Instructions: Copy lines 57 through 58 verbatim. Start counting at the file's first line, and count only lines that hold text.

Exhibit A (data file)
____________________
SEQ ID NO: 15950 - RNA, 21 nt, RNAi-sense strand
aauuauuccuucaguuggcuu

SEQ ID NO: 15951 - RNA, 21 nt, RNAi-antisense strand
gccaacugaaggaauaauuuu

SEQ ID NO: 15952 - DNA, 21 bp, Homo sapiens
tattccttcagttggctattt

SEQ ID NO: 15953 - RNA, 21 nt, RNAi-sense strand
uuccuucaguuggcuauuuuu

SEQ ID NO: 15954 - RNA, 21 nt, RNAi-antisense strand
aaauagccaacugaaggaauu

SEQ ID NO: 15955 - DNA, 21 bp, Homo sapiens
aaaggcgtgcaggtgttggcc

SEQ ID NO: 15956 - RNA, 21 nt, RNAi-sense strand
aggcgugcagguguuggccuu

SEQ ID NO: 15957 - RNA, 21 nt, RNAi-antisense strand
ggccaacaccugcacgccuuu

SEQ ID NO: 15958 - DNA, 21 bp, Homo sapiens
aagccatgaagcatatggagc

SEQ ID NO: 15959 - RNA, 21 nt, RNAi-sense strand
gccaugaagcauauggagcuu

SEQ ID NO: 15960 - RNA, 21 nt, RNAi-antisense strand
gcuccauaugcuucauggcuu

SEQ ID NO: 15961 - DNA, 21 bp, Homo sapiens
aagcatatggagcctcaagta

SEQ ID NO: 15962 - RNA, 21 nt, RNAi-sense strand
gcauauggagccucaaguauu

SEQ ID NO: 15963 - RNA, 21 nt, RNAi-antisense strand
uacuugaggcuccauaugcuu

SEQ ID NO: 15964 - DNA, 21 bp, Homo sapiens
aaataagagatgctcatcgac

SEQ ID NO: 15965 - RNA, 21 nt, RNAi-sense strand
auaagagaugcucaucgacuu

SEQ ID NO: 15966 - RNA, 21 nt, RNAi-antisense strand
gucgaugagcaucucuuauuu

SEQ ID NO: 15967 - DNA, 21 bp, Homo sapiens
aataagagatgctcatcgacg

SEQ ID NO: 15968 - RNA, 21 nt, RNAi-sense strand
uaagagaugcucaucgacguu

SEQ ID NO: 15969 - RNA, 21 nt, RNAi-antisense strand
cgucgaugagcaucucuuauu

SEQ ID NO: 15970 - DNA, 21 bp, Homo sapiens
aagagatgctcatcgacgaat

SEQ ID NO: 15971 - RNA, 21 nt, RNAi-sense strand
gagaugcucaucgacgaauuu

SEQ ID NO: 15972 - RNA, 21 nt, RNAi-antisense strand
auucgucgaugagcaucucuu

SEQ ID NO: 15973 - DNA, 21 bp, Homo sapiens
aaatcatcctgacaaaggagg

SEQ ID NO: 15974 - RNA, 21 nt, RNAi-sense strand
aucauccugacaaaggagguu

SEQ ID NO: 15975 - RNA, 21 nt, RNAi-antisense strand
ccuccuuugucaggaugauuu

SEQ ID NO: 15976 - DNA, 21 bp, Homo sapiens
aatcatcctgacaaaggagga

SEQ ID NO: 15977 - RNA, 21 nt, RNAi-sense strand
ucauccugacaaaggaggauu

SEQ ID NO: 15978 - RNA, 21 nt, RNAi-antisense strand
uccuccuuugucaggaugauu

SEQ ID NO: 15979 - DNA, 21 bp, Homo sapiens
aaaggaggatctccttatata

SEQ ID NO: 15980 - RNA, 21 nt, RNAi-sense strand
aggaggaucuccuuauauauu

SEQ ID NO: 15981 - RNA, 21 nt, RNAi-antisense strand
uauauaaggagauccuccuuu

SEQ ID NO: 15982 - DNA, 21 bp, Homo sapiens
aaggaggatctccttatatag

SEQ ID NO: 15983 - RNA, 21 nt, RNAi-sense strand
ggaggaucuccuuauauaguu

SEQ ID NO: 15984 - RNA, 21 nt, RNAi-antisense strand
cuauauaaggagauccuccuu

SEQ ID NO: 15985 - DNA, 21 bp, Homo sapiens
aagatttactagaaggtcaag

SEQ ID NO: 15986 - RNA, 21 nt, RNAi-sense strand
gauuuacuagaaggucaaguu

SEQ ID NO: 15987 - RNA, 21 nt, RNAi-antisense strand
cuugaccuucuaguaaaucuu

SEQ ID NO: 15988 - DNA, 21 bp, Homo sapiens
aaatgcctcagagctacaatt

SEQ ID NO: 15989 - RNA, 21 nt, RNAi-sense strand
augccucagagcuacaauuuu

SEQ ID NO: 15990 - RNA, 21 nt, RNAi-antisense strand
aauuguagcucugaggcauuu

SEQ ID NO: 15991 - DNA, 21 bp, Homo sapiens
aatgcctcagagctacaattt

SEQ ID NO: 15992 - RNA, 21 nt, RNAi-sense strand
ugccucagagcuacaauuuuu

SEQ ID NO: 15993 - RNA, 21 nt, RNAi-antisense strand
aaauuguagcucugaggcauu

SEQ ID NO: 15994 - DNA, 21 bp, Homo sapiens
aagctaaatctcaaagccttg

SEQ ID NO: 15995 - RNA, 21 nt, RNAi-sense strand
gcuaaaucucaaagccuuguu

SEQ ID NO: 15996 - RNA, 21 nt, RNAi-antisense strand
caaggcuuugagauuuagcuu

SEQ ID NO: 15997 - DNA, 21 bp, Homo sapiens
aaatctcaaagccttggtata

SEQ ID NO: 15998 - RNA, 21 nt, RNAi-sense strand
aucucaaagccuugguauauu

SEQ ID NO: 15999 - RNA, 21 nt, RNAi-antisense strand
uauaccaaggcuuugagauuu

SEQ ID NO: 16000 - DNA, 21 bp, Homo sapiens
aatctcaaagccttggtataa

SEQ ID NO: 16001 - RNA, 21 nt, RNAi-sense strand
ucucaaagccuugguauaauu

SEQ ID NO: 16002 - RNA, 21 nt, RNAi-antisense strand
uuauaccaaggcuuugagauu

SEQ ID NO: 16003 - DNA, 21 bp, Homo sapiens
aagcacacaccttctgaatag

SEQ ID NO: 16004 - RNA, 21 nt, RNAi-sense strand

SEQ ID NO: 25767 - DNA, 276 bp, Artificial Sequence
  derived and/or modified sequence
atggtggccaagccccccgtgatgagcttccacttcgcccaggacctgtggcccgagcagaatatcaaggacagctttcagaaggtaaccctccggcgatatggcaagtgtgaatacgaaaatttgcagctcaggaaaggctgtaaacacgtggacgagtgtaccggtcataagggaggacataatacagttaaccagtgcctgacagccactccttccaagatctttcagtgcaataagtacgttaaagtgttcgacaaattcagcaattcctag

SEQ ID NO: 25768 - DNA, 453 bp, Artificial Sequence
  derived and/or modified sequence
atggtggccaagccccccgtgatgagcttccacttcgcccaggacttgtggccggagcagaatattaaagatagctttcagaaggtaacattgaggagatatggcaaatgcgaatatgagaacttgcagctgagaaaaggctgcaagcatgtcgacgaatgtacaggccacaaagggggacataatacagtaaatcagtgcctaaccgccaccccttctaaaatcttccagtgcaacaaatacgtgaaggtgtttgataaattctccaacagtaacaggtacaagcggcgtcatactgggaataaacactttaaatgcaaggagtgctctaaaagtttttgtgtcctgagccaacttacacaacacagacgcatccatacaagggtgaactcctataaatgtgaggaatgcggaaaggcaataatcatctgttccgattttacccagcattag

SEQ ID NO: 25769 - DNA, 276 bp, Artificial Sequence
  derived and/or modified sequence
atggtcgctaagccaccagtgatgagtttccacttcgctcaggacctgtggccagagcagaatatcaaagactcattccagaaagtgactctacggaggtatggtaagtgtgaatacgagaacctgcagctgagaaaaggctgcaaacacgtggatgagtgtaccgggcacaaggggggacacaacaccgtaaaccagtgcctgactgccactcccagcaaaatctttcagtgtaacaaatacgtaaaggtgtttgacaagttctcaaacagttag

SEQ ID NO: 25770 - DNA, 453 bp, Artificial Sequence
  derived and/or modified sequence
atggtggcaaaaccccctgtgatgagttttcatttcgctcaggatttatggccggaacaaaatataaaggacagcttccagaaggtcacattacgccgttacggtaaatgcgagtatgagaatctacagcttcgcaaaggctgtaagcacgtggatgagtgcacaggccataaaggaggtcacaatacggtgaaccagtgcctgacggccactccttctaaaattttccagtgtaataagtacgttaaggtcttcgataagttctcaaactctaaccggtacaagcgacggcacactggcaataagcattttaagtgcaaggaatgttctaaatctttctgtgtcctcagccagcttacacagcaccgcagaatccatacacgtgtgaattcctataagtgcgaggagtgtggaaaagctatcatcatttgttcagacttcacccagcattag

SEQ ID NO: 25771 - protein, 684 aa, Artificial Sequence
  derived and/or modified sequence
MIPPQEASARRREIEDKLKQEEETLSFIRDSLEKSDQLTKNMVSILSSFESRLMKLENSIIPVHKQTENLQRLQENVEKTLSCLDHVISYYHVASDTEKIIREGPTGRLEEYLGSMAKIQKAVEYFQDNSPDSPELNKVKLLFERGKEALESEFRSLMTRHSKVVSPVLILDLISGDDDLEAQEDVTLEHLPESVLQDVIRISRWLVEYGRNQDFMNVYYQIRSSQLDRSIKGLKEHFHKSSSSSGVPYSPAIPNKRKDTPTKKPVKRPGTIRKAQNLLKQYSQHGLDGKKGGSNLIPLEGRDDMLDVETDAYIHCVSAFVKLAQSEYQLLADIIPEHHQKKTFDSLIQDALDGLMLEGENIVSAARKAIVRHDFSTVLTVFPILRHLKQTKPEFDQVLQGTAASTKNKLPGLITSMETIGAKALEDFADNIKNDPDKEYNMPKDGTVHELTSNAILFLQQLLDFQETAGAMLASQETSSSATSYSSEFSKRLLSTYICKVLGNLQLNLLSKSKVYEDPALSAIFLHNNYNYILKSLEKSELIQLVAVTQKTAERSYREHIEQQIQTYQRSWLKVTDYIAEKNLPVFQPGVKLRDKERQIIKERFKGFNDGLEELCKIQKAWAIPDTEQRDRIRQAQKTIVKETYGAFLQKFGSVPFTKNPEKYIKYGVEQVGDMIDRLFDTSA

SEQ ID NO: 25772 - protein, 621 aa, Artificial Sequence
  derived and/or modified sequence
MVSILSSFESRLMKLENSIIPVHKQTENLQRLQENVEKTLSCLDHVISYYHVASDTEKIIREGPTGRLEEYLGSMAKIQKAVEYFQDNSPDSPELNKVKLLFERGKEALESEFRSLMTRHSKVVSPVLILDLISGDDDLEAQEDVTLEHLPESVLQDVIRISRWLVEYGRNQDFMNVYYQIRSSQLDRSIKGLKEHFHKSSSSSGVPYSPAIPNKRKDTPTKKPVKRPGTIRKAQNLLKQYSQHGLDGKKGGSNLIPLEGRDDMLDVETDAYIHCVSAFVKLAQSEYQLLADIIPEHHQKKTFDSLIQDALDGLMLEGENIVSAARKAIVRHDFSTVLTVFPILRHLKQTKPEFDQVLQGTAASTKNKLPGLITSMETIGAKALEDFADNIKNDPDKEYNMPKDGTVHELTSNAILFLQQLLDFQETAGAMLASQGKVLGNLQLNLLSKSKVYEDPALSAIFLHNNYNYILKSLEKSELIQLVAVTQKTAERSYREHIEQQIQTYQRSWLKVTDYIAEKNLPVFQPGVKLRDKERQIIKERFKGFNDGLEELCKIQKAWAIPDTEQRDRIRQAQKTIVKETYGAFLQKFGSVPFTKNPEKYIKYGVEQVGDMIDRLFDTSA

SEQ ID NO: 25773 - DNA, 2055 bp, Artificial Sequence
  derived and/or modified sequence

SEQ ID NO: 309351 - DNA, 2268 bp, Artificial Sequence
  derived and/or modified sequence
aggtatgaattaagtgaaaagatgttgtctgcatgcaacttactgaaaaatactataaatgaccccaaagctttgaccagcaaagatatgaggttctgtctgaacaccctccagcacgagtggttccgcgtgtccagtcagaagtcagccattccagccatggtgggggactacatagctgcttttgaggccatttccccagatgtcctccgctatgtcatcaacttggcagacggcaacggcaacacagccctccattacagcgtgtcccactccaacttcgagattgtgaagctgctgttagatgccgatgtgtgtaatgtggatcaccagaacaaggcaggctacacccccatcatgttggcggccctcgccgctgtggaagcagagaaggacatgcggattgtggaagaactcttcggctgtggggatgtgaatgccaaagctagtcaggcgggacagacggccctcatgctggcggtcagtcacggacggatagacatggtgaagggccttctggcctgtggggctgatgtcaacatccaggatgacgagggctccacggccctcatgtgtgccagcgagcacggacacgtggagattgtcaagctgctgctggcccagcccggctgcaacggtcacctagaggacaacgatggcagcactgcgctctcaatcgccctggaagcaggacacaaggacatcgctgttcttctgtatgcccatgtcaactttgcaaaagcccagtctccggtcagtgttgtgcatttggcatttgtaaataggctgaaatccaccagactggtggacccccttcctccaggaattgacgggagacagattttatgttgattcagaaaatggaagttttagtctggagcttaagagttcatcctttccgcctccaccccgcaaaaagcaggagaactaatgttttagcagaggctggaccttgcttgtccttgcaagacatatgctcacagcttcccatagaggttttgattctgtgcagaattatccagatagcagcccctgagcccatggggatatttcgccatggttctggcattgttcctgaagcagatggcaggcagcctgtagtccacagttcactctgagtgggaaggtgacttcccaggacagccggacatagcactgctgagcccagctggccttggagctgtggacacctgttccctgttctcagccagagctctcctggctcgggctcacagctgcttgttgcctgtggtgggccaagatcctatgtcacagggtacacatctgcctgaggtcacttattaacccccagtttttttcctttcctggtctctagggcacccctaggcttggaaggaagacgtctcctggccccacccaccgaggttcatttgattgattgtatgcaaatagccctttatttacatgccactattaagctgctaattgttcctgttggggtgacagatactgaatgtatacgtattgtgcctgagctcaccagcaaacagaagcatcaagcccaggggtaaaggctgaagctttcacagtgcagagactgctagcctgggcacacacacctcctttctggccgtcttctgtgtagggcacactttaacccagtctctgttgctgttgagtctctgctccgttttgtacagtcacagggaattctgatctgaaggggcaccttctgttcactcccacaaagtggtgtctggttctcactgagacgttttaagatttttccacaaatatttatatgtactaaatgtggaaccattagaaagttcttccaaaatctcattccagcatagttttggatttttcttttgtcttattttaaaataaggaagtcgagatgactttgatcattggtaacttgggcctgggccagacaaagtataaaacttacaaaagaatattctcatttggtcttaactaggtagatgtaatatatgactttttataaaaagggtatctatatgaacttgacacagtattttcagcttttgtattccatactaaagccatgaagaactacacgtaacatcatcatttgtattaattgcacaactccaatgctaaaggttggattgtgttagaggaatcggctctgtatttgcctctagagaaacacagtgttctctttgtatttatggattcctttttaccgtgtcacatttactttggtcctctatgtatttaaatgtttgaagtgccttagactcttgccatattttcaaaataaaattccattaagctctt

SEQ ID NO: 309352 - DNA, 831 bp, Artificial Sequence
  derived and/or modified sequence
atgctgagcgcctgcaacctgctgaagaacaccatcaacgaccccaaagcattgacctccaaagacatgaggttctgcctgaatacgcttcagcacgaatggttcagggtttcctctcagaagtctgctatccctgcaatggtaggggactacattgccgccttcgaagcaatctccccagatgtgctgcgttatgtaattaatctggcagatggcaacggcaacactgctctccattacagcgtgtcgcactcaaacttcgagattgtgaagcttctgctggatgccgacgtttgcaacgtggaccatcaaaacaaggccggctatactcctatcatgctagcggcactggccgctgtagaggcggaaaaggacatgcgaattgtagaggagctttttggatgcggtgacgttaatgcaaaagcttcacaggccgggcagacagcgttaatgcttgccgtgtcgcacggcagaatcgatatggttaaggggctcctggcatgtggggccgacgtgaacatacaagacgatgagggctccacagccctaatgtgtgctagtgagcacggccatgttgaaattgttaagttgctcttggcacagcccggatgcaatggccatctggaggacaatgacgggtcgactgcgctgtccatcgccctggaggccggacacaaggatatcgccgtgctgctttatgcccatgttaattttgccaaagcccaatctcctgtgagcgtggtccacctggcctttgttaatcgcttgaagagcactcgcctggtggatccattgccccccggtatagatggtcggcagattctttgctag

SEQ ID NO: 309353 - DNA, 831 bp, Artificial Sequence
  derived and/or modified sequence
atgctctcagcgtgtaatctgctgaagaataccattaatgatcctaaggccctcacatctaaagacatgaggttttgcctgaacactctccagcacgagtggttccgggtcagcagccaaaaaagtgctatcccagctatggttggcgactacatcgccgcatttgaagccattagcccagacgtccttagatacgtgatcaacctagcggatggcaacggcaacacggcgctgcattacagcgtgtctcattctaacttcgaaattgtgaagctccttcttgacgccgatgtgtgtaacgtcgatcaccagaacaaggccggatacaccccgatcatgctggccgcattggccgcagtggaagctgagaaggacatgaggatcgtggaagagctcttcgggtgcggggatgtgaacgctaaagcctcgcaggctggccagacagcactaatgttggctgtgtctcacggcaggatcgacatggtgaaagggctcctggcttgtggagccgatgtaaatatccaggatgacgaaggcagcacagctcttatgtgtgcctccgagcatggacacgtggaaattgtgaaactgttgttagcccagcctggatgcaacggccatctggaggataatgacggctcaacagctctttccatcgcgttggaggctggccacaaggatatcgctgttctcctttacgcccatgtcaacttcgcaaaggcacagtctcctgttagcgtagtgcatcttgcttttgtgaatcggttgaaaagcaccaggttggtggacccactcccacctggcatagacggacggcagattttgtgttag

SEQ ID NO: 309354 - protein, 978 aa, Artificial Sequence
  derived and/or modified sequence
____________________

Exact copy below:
SEQ ID NO: 15978 - RNA, 21 nt, RNAi-antisense strand
uccuccuuugucaggaugauu